Call to tackle witchcraft pastors

Campaigners are calling for a change in the law to make it a criminal offence to demonise a child, it is reported.

The move comes after police told the BBC that they were unable to charge an African pastor who accused children of witchcraft in this country.

Pastor Dieudonne Tukala was arrested on suspicion of inciting child cruelty last January following a joint investigation by the Today programme and Newsnight.

A BBC investigation broadcast last year connected Pastor Dieudonne Tukala to a case where a father branded his son with an iron because he believed the child was a witch.

It also spoke to other parents who said Tukala told them to send their children back to Africa where he could pray for them to die.


In an interview broadcast on Today and Newsnight on Thursday night, the Pastor denies having accused children of witchcraft or of having seen the boy who was branded with a steam iron.

So-called “child witches” have been murdered in some African countries.

The Metropolitan Police launched an inquiry, but after 10 months of investigation no charges have been brought. It is not against the law to accuse a child of witchcraft or to pray for a child to die.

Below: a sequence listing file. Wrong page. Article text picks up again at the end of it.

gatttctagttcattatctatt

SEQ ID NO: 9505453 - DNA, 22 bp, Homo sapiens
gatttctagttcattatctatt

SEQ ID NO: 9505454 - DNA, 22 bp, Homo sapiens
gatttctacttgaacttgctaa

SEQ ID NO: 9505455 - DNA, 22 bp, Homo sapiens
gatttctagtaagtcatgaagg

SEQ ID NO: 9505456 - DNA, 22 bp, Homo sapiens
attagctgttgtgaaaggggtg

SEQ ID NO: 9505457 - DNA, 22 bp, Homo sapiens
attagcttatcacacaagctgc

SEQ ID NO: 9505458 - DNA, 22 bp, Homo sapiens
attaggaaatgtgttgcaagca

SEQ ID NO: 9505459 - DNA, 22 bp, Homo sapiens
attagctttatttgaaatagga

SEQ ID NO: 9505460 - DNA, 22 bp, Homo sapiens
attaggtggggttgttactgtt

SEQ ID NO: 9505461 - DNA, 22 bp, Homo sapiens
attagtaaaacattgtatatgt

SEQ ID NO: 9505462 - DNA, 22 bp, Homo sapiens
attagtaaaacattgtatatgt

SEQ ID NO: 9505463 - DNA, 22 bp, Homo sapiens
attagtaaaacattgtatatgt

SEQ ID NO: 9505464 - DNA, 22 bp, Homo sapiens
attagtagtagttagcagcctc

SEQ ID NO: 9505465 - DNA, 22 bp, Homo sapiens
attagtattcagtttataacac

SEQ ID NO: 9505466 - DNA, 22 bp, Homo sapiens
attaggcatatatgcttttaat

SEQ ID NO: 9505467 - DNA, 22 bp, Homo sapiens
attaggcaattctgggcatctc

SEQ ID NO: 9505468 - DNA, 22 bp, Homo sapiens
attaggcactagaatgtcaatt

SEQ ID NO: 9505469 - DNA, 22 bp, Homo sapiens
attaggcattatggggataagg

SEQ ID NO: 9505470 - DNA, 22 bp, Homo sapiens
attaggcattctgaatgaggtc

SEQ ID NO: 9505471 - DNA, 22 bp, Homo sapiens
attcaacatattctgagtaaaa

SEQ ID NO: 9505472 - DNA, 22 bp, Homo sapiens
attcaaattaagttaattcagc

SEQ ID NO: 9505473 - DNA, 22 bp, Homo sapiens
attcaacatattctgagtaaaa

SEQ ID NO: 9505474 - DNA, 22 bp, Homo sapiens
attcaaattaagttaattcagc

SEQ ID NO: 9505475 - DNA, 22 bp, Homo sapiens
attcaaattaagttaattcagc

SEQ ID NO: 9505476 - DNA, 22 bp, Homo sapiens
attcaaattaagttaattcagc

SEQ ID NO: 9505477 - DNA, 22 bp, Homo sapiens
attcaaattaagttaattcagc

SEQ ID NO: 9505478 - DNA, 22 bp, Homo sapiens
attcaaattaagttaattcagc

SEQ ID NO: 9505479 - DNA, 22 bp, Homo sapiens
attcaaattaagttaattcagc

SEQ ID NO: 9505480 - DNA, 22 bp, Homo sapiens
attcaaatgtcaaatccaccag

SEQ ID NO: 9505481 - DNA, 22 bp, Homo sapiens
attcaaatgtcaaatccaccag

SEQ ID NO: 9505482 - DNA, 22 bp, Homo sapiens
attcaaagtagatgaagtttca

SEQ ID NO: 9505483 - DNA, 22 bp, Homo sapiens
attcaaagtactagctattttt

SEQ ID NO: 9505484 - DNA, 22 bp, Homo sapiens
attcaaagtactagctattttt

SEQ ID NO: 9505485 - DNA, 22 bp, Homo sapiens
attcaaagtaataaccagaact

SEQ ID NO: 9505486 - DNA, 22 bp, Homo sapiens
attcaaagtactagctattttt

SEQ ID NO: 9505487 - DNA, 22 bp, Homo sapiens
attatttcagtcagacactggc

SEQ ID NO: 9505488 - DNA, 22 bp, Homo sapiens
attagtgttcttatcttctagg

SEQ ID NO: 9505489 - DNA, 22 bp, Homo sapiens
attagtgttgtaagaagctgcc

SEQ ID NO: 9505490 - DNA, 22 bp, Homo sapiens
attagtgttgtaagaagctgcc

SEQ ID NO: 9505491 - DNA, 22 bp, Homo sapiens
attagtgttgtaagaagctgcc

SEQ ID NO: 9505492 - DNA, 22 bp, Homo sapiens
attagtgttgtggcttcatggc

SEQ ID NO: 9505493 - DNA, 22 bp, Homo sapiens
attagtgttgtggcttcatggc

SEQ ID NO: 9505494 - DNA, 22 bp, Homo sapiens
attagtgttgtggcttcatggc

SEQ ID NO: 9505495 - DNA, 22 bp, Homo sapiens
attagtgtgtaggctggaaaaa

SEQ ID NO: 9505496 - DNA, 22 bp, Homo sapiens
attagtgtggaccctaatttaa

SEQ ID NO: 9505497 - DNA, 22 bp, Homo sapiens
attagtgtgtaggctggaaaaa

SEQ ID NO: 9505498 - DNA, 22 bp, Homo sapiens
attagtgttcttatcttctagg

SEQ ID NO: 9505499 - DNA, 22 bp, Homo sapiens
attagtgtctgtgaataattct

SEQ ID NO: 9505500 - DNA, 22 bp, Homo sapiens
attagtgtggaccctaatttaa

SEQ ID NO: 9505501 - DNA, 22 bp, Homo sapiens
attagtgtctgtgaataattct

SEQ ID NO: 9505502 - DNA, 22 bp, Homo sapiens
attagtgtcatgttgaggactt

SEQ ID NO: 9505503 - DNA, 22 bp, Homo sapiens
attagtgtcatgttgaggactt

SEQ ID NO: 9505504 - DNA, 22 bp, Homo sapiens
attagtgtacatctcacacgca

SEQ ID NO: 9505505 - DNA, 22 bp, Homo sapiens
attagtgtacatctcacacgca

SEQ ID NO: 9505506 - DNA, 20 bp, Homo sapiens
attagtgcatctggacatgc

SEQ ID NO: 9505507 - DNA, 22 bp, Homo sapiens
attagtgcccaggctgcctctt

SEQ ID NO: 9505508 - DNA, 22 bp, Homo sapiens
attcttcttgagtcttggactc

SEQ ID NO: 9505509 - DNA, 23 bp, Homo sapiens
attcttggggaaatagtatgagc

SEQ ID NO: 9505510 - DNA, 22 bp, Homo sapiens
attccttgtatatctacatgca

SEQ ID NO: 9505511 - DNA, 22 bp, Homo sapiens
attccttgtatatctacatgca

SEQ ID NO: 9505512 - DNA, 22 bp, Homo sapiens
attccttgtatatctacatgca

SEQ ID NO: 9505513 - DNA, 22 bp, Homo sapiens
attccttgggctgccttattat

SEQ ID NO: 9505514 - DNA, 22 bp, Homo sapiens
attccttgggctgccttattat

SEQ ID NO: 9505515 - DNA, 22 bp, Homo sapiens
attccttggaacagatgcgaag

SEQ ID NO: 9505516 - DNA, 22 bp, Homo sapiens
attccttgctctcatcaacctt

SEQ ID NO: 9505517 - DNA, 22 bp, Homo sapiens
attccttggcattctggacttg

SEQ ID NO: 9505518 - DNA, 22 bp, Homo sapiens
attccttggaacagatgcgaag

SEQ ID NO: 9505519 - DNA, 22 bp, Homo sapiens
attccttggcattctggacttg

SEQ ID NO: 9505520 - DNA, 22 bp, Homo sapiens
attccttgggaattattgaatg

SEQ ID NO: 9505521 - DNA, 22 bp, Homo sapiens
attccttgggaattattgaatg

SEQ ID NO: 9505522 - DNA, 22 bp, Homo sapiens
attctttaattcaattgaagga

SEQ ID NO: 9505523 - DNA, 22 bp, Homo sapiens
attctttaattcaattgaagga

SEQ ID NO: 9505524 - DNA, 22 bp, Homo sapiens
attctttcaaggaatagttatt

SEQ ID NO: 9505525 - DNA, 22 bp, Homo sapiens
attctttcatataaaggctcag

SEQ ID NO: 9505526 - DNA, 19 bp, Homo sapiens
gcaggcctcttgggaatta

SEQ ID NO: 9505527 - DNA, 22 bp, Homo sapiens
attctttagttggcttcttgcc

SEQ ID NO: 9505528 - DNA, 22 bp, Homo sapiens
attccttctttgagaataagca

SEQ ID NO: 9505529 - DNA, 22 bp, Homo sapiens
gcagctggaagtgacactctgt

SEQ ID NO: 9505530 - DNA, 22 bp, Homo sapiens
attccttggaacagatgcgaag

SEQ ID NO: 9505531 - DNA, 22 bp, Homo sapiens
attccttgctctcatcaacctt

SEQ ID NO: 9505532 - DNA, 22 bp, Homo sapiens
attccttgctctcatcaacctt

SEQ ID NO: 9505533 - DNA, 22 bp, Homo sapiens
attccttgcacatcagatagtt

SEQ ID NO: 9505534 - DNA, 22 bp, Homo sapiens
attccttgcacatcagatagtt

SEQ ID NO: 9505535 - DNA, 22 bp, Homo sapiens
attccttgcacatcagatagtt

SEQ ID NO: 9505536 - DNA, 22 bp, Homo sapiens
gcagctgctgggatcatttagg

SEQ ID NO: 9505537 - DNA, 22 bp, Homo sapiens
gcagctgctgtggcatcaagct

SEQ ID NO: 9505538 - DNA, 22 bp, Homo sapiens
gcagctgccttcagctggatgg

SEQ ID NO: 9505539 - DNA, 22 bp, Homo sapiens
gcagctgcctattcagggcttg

Debbie Ariyo, director of the charity AFRUCA told Today: “You’re telling a child that you’ve been responsible for killing people, destroying people’s lives – that does actually constitute emotional abuse.”


Asked if religious leaders who accuse a child of witchcraft should face jail, Ms Ariyo said: “I think they should.”

We appreciate your support


AFFILIATE LINKS

Our website includes affiliate links, which means we get a small commission — at no additional cost to you — for each qualifying purpose. For instance, as an Amazon Associate Religion News Blog earns from qualifying purchases. That is one reason why we can provide this service free of charge.

Source

(Listed if other than Religion News Blog)
PA, via The Guardian, UK
Jan. 25, 2007
www.guardian.co.uk

More About This Subject

Topics:
This post was last updated: Dec. 16, 2016